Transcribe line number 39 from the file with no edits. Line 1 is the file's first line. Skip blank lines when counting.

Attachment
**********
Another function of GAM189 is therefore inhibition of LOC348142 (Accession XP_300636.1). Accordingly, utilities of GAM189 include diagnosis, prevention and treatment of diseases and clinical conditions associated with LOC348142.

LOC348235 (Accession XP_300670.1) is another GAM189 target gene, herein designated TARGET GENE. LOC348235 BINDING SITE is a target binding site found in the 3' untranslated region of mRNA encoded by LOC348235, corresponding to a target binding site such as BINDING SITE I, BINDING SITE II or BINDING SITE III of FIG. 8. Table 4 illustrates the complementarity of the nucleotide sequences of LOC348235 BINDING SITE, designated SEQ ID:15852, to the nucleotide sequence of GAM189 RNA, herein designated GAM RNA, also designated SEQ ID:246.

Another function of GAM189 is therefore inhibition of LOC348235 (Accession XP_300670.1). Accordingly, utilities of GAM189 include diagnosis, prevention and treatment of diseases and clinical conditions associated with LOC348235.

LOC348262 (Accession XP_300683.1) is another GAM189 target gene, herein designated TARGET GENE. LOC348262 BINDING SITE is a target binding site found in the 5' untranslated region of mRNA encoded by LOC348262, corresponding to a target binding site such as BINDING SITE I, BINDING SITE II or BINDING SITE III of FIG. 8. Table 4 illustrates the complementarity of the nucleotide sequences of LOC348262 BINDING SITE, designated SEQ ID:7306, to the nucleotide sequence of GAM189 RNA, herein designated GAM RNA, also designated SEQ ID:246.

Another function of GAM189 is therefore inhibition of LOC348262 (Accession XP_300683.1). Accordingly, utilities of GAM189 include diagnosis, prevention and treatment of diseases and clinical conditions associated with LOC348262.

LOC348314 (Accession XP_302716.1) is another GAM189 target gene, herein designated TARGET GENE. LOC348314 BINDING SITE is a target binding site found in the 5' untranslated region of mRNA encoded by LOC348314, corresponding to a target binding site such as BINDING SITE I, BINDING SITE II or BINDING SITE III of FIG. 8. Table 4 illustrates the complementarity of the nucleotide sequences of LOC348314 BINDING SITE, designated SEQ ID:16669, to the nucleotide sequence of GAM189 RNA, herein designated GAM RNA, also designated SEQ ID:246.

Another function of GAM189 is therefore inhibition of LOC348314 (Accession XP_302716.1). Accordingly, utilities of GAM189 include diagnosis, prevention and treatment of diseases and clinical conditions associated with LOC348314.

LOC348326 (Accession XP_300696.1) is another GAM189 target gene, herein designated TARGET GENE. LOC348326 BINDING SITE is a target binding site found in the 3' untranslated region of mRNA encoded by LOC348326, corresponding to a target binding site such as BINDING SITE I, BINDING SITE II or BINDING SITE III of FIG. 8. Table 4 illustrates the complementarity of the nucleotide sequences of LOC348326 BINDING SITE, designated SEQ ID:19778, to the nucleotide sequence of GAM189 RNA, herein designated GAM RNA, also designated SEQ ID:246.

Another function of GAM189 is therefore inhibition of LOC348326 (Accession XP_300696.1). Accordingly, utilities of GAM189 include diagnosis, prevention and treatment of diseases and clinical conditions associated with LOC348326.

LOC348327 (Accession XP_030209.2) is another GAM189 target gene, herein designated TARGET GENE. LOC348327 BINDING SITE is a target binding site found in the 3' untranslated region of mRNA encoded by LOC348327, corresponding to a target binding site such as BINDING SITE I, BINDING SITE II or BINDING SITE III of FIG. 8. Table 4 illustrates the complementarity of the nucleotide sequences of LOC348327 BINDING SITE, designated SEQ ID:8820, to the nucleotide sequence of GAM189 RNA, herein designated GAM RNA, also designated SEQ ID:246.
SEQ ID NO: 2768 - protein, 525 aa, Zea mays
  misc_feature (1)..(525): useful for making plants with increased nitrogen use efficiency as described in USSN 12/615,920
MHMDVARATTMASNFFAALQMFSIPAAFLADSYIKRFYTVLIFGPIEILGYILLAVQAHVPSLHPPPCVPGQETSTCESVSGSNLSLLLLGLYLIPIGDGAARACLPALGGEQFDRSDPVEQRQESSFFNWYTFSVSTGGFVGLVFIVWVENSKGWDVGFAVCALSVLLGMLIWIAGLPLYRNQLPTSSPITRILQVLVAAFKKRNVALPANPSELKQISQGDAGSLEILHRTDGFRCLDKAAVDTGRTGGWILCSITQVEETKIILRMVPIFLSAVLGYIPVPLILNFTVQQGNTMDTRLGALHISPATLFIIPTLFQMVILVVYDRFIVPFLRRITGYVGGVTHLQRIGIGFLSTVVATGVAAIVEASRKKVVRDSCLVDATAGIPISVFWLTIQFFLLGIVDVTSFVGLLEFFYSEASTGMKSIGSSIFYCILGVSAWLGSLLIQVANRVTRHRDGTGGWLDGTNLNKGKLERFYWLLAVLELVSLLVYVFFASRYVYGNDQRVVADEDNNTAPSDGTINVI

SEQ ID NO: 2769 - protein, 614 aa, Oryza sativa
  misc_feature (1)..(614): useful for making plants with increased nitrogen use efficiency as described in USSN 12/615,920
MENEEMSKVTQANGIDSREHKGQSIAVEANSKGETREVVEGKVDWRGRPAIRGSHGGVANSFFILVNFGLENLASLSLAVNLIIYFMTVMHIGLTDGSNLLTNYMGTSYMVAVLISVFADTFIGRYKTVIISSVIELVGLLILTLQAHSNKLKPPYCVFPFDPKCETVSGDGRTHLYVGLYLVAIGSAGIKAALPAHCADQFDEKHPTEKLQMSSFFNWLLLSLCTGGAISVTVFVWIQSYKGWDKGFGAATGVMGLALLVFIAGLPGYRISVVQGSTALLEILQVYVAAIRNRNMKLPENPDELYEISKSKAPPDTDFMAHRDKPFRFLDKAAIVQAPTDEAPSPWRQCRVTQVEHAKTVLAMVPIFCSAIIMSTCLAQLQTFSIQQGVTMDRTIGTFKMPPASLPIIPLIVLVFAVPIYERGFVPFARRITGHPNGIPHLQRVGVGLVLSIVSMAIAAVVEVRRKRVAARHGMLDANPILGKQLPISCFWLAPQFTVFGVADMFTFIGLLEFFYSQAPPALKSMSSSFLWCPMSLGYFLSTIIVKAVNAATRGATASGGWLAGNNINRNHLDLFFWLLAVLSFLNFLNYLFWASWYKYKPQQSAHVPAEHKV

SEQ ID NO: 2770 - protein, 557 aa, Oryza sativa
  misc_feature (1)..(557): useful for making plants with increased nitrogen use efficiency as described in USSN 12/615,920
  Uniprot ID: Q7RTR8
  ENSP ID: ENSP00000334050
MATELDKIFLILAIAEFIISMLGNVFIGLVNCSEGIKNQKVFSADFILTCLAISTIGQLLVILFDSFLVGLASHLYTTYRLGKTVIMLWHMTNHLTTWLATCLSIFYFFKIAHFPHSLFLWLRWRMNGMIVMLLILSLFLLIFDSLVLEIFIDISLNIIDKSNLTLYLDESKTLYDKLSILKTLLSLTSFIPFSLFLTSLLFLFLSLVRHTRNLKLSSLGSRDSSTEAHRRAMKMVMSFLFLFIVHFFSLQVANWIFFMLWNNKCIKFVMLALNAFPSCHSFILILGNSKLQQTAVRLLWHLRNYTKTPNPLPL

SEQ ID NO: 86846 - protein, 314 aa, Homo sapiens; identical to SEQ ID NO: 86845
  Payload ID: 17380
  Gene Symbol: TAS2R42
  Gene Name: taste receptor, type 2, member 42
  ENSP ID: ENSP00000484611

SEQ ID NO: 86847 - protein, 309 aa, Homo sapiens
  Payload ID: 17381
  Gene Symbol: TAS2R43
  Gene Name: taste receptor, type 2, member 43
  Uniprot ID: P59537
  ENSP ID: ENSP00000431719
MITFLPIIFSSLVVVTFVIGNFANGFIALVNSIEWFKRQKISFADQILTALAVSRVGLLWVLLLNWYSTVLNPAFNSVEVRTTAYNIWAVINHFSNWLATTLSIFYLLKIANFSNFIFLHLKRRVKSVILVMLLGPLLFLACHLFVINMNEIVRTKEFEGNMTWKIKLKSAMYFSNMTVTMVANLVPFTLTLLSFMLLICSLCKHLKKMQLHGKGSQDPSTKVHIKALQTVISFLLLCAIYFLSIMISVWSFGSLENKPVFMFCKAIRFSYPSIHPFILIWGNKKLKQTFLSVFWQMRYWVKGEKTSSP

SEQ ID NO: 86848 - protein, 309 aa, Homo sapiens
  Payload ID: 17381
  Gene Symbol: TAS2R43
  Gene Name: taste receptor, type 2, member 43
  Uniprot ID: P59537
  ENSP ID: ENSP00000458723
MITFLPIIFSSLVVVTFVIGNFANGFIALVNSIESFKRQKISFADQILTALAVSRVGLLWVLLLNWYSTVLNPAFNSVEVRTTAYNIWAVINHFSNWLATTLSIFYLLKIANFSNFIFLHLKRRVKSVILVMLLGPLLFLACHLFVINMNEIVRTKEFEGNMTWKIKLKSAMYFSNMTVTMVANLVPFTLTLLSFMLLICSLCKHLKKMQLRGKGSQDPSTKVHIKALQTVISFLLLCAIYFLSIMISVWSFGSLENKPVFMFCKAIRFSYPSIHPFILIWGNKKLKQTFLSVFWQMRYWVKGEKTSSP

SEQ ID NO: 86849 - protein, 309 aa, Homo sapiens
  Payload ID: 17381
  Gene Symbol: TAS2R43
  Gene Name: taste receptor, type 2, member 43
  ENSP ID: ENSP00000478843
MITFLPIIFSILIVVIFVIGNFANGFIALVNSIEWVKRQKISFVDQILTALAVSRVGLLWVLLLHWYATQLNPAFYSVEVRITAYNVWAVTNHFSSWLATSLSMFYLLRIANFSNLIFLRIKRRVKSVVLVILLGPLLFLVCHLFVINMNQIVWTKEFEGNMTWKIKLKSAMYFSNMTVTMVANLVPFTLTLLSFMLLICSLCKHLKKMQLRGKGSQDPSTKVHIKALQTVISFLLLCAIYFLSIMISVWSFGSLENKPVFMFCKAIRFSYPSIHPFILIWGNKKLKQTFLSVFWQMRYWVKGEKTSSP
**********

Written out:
  ENSP ID: ENSP00000458723